The order came after two days of ballot recounting, conflicting court decisions and legal wranglings between lawyers.
The order came after two days of ballot recounting, conflicting court decisions and legal wranglings between lawyers over the hand recount of 4.8 million ballots cast for president in Michigan.
In his eight-page opinion, U.S. District Judge Mark Goldsmith said “there is no basis” for him to ignore a state court ruling that said the recount should never had started.
He was referring to the Michigan Court of Appeals unanimous ruling, which said that Stein, who requested the recount, never had a shot at winning with her fourth-place finish and one per cent of the vote, and therefore was not an aggrieved candidate.
“To date, plaintiffs have not presented evidence of tampering or mistake. Instead, they present speculative claims going to the vulnerability of the voting machinery — but not actual injury,” Goldsmith wrote, adding the potential for fraud is not enough to continue to allow the recount to proceed.
“It is at least arguable that the Michigan Legislature intended to confine costly and disruptive recounts to cases where a losing candidate stood a reasonable chance of changing the outcome of the election,” Goldsmith wrote.
Goldsmith did, however, note that Stein raised “serious” issues.
“The vulnerability of our system of voting poses the threat of a potentially devastating attack on the integrity of our election system,” Goldsmith wrote, stressing that a potential threat alone does not justify a recount.
Stein’s lawyers vowed an appeal, noting one has already been made with the Michigan Supreme Court.
Stein’s recount request questioned 75,000 ballots, on which Michigan voters did not vote for anyone for president, which was almost double the amount of Michigan ballots with no presidential votes in 2012, which raised suspicions, Stein’s lawyers said.
“We are deeply disappointed in Judge Goldsmith’s ruling today, which gives deference to partisan state judges in Michigan who are attempting to block the state’s recount simply because of the person who made the request, without regard for the integrity of Michigan’s electoral system,” Stein’s lawyers, Hayley Horowitz and Jessica Clarke said in a statement.
“The history of this country is one where federal courts step in to protect the constitutional voting rights of all Americans, especially when they are under attack in the states.
“Well today, they are under brutal attack. Backed by Michigan Republicans, Donald Trump – who himself has repeatedly alleged widespread voter fraud and a ‘rigged election’ – suddenly sees no need for a routine verification of the democratic process in Michigan.
“His efforts to suppress the vote count is a stunning about-face, even by Trump’s own standards. By stopping the recount in Michigan, Trump and Michigan Republicans are explicitly stripping the constitutional rights of Michigan voters straight from under them.
“Worse, they are continuing to undermine confidence in the American political system by denying voters a chance to be reassured that the election results were accurate … But make no mistake, we are not backing down from this fight,” they said.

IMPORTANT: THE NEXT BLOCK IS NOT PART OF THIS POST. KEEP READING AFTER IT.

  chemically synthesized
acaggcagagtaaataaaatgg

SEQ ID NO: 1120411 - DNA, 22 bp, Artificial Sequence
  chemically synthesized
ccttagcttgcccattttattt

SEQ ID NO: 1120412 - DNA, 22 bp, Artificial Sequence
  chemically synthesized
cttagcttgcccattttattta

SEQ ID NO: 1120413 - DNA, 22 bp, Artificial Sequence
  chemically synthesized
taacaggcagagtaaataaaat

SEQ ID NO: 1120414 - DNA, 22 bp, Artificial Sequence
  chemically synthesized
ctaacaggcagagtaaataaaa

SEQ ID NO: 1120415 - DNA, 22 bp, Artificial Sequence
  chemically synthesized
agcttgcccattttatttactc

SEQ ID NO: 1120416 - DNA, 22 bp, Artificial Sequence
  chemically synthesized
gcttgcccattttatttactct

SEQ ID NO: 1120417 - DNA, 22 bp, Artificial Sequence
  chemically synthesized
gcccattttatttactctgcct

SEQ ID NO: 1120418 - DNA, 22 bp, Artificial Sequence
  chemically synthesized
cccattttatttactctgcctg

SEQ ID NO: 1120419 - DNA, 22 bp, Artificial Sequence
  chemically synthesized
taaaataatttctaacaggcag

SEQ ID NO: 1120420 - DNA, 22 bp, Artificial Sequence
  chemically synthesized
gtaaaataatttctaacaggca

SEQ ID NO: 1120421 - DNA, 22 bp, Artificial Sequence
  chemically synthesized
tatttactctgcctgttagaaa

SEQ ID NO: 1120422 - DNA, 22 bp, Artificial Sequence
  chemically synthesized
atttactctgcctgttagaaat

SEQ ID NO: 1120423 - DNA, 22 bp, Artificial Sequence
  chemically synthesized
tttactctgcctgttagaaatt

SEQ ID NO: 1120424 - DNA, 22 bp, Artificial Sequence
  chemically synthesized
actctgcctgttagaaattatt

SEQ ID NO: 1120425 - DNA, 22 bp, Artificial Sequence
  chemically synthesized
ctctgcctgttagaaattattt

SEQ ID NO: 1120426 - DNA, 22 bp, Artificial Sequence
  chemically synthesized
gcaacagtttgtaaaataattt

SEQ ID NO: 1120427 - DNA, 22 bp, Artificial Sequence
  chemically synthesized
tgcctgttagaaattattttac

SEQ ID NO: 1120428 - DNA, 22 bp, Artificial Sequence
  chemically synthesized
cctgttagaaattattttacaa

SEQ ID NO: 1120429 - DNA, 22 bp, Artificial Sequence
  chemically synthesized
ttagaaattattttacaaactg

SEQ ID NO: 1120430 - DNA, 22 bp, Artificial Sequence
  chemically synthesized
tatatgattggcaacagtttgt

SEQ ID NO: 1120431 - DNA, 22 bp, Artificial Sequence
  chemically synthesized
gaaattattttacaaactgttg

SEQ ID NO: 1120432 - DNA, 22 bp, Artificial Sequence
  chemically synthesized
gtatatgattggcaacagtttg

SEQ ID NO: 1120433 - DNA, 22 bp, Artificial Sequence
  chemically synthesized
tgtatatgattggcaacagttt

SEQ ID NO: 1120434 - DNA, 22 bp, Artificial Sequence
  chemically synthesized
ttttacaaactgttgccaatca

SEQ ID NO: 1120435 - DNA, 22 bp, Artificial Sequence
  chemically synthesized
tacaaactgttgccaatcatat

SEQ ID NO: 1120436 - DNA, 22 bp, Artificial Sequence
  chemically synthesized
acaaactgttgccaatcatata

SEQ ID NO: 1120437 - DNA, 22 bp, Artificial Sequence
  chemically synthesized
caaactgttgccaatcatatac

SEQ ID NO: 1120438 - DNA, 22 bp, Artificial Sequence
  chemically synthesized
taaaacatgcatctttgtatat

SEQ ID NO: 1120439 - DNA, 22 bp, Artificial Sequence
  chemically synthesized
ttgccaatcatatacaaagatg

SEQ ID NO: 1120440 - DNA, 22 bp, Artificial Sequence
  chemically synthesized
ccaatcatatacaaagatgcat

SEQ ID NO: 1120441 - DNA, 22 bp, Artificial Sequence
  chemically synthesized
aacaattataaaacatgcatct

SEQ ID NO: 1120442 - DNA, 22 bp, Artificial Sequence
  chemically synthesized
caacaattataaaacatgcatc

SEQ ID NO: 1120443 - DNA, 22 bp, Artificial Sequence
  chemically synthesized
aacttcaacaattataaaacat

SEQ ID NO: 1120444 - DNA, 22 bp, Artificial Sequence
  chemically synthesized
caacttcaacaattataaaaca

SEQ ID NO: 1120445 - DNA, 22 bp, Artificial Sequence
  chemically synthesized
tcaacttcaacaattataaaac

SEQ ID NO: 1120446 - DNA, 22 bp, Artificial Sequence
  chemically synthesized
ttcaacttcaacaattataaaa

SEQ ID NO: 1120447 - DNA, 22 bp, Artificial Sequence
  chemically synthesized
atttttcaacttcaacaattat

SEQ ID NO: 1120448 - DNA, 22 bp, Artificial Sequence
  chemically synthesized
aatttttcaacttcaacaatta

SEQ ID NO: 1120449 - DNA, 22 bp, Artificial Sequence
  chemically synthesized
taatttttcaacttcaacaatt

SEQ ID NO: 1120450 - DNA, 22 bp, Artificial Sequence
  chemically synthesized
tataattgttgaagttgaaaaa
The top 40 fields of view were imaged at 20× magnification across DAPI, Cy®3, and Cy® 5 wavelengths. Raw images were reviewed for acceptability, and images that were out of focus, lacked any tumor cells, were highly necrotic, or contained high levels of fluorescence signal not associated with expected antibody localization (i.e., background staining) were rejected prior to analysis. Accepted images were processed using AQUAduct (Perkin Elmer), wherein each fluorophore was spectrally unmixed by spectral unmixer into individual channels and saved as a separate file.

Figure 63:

After the hearing, Stein said that so far, the recount appears to be exposing problems with Michigan’s election process, particularly in low-income, minority communities.
However, the Republican Party apparently convinced Goldsmith that the recount would have cost taxpayers too much money – five million dollars by one count – if he had ruled otherwise.
Michigan Republican Party Chairman, Ronna McDaniel, praised the ruling as a “victory for the taxpayers and voters of Michigan who can be assured that their vote will count when the state’s electors meet on Dec. 19.
“The courts have affirmed the stance the campaign has maintained from day one: Jill Stein, who received only 1.07 per cent of the vote in Michigan, is not legally entitled to hijack the will of voters and drag them into an arduous and expensive publicity stunt,” McDaniel said.
In addition to Michigan, Stein is also seeking recounts in Wisconsin and Pennsylvania — battleground states that have voted Democratic in recent elections but shifted to Republican in 2016.
If recounts resulted in all three states flipping to Democrat Hillary Clinton from Trump, Clinton would win the presidency.
However, Stein had said she did not expect to change the election outcome, but wanted to test the integrity of voting systems.
In Michigan, Trump defeated Clinton by 10,704 votes; the ruling seals his narrow victory over her for Michigan’s 16 electoral votes.
It was the Goldsmith’s midnight ruling Monday that started the recount in Michigan.
More than 20 of 83 counties were already counting ballots again.
They reported minor changes in vote totals, although many precincts could not be examined for a second time for a variety of reasons.
Earlier on Wednesday, the Michigan elections board voted 3-1 to end the recount if Goldsmith extinguished his earlier order.